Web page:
Oh, the irony. With Barack Obama on the ballot, liberals thought they couldn't lose. However, in California things did not go as planned.
First, an explanation as to why I am not talking about the elections this week. It is called a deadline. This column runs in a number of major markets around the state, from Rocky Face to Rincon to Sugar Hill. To ensure that all my loyal readers are treated equally, there have to be deadlines.
The elections have finally been held and it feels like the end of a party that has been going on for a long, long time.
My mother-in-law, Claire, is determined to spend the rest of her days on Long Island. While most of the family migrated south to Georgia and Florida, she remained in her house on Peconic Bay.
What are you going to do tonight: Stay up and watch the returns, or go to bed and pray for the best? I'm going to bed; too old to stay up much past 10 o'clock no matter what's going on.
You can say this about Georgia voters: they aren't about to be swayed by any of those newfangled ideas and trends you might see having an influence on other states.
Where in the world is George? I'm not talking about George W. I know where that George is. He has donned his flight suit and is preparing to jet to Wall Street where he will land in front of the empty Merrill Lynch building festooned with a "Mission Accomplished" banner.
The moment the TV networks declared Barack Obama the president-elect, something wonderful happened. The perception of the United States changed around the world. America was the international good guy again. There was dancing in the streets of the great cities of Europe, Asia and Africa.
"The mystic chords of memory, stretching from every battlefield and patriot grave to every living heart and hearthstone all over this broad land, will yet swell the chorus of the Union, when again touched, as surely they will be, by the better angels of our nature."
When Sen. Barack Obama made his decision to run for president, I predicted that he would win despite the belief of many that America is not ready to elect a black man.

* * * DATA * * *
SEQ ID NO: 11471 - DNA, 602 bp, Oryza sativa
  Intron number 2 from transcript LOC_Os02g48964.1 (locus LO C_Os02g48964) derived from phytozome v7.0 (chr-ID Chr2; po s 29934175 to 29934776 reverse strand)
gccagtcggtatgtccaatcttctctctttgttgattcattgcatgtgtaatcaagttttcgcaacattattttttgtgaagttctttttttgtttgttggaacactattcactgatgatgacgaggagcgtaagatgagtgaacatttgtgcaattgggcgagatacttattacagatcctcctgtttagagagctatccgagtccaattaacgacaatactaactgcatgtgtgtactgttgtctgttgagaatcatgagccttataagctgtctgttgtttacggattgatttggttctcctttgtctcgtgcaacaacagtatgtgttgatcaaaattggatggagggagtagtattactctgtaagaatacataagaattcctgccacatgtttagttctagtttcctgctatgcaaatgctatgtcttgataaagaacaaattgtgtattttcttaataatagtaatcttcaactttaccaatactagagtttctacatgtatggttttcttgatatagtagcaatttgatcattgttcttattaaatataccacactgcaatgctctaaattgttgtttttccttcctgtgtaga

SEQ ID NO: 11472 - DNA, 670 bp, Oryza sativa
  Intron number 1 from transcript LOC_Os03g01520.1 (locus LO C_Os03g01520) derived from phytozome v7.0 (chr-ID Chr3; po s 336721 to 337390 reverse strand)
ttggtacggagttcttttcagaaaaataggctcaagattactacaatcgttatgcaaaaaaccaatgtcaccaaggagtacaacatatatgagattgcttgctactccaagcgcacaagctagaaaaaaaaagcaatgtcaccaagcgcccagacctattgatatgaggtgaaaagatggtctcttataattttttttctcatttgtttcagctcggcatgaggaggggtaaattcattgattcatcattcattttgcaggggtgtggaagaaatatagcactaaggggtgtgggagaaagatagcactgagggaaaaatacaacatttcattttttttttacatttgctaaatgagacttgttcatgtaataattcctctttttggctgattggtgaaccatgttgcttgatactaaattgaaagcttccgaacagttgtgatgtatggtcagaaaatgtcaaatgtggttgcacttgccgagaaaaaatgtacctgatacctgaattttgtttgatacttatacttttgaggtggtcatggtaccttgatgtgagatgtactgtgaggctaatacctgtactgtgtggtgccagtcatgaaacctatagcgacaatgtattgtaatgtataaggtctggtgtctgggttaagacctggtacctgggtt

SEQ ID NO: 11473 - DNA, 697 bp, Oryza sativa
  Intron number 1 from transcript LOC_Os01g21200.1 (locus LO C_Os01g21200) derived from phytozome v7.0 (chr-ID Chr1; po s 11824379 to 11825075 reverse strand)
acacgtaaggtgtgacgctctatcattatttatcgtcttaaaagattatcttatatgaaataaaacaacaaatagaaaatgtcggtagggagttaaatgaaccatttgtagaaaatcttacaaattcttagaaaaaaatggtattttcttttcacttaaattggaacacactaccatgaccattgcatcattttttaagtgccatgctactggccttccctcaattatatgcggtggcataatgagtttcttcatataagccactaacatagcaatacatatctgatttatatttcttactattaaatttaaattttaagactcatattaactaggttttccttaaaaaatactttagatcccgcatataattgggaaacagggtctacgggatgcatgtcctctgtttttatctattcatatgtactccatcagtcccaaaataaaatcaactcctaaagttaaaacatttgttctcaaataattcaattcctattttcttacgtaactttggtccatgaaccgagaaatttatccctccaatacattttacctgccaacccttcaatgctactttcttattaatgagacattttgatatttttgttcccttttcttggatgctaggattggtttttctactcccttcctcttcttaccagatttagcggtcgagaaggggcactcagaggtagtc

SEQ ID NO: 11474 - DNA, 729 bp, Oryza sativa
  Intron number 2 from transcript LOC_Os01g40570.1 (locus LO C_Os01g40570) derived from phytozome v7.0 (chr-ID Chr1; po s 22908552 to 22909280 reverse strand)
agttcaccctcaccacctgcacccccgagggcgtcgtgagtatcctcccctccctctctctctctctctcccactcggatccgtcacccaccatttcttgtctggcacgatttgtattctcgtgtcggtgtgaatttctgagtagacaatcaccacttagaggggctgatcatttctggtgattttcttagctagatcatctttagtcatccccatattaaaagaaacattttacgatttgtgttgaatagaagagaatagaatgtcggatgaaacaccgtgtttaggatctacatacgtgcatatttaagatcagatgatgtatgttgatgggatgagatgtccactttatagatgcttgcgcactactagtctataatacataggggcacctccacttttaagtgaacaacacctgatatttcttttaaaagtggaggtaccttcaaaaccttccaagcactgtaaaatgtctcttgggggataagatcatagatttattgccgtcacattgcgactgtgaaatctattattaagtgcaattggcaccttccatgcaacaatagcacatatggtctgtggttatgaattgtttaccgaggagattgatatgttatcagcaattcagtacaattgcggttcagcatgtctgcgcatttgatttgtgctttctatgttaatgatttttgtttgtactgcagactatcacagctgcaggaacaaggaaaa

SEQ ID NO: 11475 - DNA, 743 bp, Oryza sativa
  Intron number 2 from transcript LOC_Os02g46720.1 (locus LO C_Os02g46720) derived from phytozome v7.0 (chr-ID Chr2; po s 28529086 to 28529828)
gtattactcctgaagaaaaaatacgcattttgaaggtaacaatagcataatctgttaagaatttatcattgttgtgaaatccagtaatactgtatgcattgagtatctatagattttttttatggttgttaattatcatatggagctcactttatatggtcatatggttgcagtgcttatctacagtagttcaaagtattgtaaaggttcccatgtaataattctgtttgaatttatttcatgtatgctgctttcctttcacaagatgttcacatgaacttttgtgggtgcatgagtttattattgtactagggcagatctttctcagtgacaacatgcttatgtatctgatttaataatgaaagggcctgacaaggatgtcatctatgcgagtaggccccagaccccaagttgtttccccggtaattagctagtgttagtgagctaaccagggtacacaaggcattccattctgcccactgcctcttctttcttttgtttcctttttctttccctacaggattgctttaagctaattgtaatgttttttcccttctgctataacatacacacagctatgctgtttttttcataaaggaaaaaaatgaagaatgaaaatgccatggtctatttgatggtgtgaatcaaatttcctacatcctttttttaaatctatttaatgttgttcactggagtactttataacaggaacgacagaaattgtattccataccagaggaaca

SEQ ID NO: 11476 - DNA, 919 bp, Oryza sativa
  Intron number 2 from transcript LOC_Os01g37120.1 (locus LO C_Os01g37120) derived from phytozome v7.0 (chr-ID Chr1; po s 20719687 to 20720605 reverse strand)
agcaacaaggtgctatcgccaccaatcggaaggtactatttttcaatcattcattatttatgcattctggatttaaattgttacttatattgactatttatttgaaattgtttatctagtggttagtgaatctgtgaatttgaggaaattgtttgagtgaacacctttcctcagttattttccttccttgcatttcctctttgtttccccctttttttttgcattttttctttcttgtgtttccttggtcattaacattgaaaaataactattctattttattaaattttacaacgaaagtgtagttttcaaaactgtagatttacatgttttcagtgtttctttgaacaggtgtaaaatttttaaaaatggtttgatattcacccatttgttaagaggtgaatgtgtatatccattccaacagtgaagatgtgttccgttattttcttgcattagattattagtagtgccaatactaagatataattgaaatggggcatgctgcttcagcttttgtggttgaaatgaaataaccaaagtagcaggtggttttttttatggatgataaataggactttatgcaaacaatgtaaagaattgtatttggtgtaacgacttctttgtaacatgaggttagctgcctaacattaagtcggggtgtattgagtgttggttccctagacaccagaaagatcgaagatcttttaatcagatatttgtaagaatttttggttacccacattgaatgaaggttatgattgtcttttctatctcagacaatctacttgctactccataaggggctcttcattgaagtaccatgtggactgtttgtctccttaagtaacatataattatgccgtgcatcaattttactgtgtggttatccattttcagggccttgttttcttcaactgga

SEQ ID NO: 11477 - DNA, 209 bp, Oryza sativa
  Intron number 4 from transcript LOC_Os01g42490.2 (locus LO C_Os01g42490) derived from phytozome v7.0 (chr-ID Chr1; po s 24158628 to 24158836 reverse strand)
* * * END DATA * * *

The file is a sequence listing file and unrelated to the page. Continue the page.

An important Georgia political story was lost in the hoopla surrounding this year's presidential campaign and the closer-than-expected contest between Republican Sen. Saxby Chambliss and Democratic challenger Jim Martin.
Before I write again, the election will be over. Some predictions: Barack Obama will win the popular vote and very possibly the electoral college. Riding those popular vote coattails, Democrats will increase their hold on Congress. As of now with his long history of comebacks, John McCain still cannot be ruled out of a razor-thin win.
The presidential campaign has lasted more than a year and a half. To me, it seems much longer. And like many Americans I am glad it ends on Nov. 4. Looking at the process, I can make some observations.
In September 2006, while on the verge of the 2006 Congressional midterm elections, Florida U.S. Rep. Mark Foley was caught up in a salacious sex scandal involving lewd e-mails and instant messages with congressional pages that resulted in his resignation.
It was as ugly as a wart hog, but for the 11th time in the past 12 years, 38th of the past 50 and 65th out of 108, the University of Georgia, the oldest state-chartered university in the nation, located in Athens, the Classic City of the South has bested You-Know-Where Institute of Technology for the State Football Championship, 41-34.
There's an old joke that goes, "a bank is a place that will lend you money if you can prove that you don't need it."
As of this writing, six world powers have reached an agreement with Iran that would prevent that country from developing nuclear weapons.
Knock! Knock! Knock!
When it comes to holidays, I've always preferred Thanksgiving to Christmas.
Page 1 of 1